It’s a lot of fun writing code on your Discovery board with its myriad of peripherals to explore and exposed headers for further experimentation. Nothing, however, beats the satisfaction to be had from creating and coding your own board and there comes a time when every red blooded geek must strike out on their own!
I’ve recently been presented with an opportunity to create a new board that required a lot more grunt than the PIC based boards I normally deal with. We needed a much faster processor, an FPU and some DSP capability. As a result I opted to use the STM32F405RG as the MCU. The next thing I wanted to do was to mash up a prototype but I needed a quick and easy way to program it. I remembered that the Discovery board has an ST-LINK section with an SWD interface broken out onto headers so I thought I’d give it a go.
Setting up your Discovery to use it as a programmer is a very straightforward affair. The ST-LINK section is the top third of the board and can be easily isolated by removing the two CN3 jumpers shown above.
You’re also clearly going to need to expose the SWD interface on your board so you have something to connect the ST-LINK to. The schematic below shows how I did it.
A couple of things to note about the circuit above. I’ve pulled BOOT0 low which means that I’m programming flash memory. If you want to program other areas of memory then you’ll want to be able to change the state of this and the BOOT1 pin which is multiplexed with PB2 on the STM32F40x parts. Details can be found in section 2.4 of the reference manual.
The other thing I did was to expose the additional JTAG interface pins also in order to give me several programming and debugging options. Finally, I connected the NRST pin on the ST-LINK to the NJRST pin on my STM32. That may be wrong, you might be better off connecting it to the NRST pin on the STM32. Perhaps someone out there can let me know in the comments below.
The SWD interface is connected as follows:
I chose to expose the interface as a row of 0.1” pitch header and connected the two boards together with female to female patch leads.
The next step is to try and get some code running on the device. I’m using Atollic TrueSTUDIO Lite for this but I’m sure the process is pretty much the same for other IDEs too.
Project Creation Steps
To get up a program up and running on the new board you need to create a new project that targets the STM32F405 or whichever STM32 part you’re using. This will generate a new, compilable and runnable project. If you run the program up now in the debugger you should be able to step through the code, look at variable values and memory content. This shows that everything is working fine.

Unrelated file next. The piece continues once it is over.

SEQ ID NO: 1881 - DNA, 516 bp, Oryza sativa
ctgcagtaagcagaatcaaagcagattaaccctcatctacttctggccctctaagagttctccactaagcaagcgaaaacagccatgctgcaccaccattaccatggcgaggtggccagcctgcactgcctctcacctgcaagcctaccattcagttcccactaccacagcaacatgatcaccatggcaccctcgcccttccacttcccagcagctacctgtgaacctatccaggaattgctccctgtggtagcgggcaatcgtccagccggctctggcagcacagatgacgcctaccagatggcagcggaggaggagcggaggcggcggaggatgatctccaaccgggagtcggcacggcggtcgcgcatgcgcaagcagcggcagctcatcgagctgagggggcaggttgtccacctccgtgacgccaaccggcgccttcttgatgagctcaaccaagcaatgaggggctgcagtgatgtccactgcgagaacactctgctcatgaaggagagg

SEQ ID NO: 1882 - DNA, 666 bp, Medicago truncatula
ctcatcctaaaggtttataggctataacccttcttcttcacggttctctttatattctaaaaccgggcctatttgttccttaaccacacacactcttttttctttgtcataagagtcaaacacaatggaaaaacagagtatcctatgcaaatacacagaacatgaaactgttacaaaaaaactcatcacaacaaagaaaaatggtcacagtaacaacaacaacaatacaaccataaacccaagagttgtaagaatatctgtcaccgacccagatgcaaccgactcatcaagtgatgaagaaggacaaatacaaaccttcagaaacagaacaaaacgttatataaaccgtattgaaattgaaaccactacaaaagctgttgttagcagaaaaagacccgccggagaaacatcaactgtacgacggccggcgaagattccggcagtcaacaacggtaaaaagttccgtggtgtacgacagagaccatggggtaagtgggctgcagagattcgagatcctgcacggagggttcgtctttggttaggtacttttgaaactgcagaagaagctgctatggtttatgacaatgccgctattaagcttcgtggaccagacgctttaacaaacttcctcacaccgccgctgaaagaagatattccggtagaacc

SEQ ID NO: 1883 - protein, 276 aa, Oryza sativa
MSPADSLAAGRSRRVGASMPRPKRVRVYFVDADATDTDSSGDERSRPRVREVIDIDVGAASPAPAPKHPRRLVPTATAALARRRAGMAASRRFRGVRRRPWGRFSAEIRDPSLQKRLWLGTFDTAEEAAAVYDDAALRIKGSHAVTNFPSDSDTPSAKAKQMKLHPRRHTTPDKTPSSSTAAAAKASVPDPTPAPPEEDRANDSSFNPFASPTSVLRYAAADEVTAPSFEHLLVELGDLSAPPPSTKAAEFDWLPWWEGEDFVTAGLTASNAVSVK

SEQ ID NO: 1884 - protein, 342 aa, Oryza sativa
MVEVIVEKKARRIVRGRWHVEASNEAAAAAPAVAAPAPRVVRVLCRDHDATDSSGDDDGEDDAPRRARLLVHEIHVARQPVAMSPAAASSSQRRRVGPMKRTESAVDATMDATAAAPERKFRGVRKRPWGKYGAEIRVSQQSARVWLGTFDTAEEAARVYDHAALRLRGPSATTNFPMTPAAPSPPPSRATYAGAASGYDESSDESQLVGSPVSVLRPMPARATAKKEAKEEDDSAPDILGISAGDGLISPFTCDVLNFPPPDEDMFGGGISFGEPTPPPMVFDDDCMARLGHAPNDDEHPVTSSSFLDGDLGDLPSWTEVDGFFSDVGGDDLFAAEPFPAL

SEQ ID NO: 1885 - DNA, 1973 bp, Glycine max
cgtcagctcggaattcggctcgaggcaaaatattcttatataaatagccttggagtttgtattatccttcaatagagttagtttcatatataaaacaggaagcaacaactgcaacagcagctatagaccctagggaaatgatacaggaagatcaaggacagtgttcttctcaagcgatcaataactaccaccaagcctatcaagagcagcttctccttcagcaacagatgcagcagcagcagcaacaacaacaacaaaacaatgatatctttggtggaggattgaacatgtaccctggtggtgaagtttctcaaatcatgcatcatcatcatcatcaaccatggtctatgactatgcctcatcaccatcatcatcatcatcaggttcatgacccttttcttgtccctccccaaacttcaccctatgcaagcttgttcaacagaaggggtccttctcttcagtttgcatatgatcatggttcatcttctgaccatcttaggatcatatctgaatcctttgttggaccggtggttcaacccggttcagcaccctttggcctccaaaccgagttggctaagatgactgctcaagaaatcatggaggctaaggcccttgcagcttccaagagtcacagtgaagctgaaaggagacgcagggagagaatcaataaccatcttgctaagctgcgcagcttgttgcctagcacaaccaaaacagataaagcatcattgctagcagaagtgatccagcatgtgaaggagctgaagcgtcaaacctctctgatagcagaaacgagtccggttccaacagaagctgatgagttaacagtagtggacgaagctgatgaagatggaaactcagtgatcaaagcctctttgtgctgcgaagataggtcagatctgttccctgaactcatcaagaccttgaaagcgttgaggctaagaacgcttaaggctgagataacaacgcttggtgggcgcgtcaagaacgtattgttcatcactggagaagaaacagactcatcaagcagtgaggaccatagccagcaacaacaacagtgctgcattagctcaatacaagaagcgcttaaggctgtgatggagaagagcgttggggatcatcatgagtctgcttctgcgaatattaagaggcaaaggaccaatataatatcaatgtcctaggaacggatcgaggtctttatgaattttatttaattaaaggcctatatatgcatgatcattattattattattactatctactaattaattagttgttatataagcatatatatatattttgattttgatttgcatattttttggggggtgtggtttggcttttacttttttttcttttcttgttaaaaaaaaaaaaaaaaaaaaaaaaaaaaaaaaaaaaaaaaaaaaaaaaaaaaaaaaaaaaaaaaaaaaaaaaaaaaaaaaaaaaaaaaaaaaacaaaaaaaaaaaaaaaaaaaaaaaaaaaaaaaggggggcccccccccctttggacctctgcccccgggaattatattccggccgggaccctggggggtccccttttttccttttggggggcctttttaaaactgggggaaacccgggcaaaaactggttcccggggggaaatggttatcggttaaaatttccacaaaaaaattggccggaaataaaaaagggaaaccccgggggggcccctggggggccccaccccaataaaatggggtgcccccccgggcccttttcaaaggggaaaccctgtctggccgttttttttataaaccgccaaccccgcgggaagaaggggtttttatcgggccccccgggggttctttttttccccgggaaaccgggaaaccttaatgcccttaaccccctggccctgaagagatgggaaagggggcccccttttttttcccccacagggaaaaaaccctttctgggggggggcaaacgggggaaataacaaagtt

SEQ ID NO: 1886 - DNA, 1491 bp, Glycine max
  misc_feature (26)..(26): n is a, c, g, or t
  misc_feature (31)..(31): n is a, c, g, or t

The final step is to sort out your clocks. TrueSTUDIO will create a default system_stm32f4xx.c file containing a clock configuration for you but unless you happen to be using a 25MHz crystal you’ll want to change it for one targeting your own board. Mine, for example, uses a 4MHz external clock.
The easiest way to do this (as far as I’m aware at least) is to use the clock configuration tool provided by STMicroelectronics for the purpose. You can download the tool and the accompanying notes from their website. I used the simple wizard mode, followed the instructions very carefully and where I wasn’t sure of a value, I looked it up in the original file created by TrueSTUDIO. Once the new system_stm32f4xx.c is generated, it needs to replace the one in your project. Simply re-build the project, make sure you can still launch and debug it and you’re up and running.
So I’ve been running with this setup for a couple of weeks now with very few problems. I did get a bit of a scare when I saw smoke pouring out of the Discovery’s USB port once but I think that was a pretty freak incident as it hasn’t happened since. I’ve had the odd unexplained debugger disconnection but given the amount of myopic prodding I tend to do with scope probes that could be more about what I’m doing than the what the debugger is doing. All in all I think it provides quite a good option to anyone wishing to experiment with creating their own STM32 boards without forking out for new kit.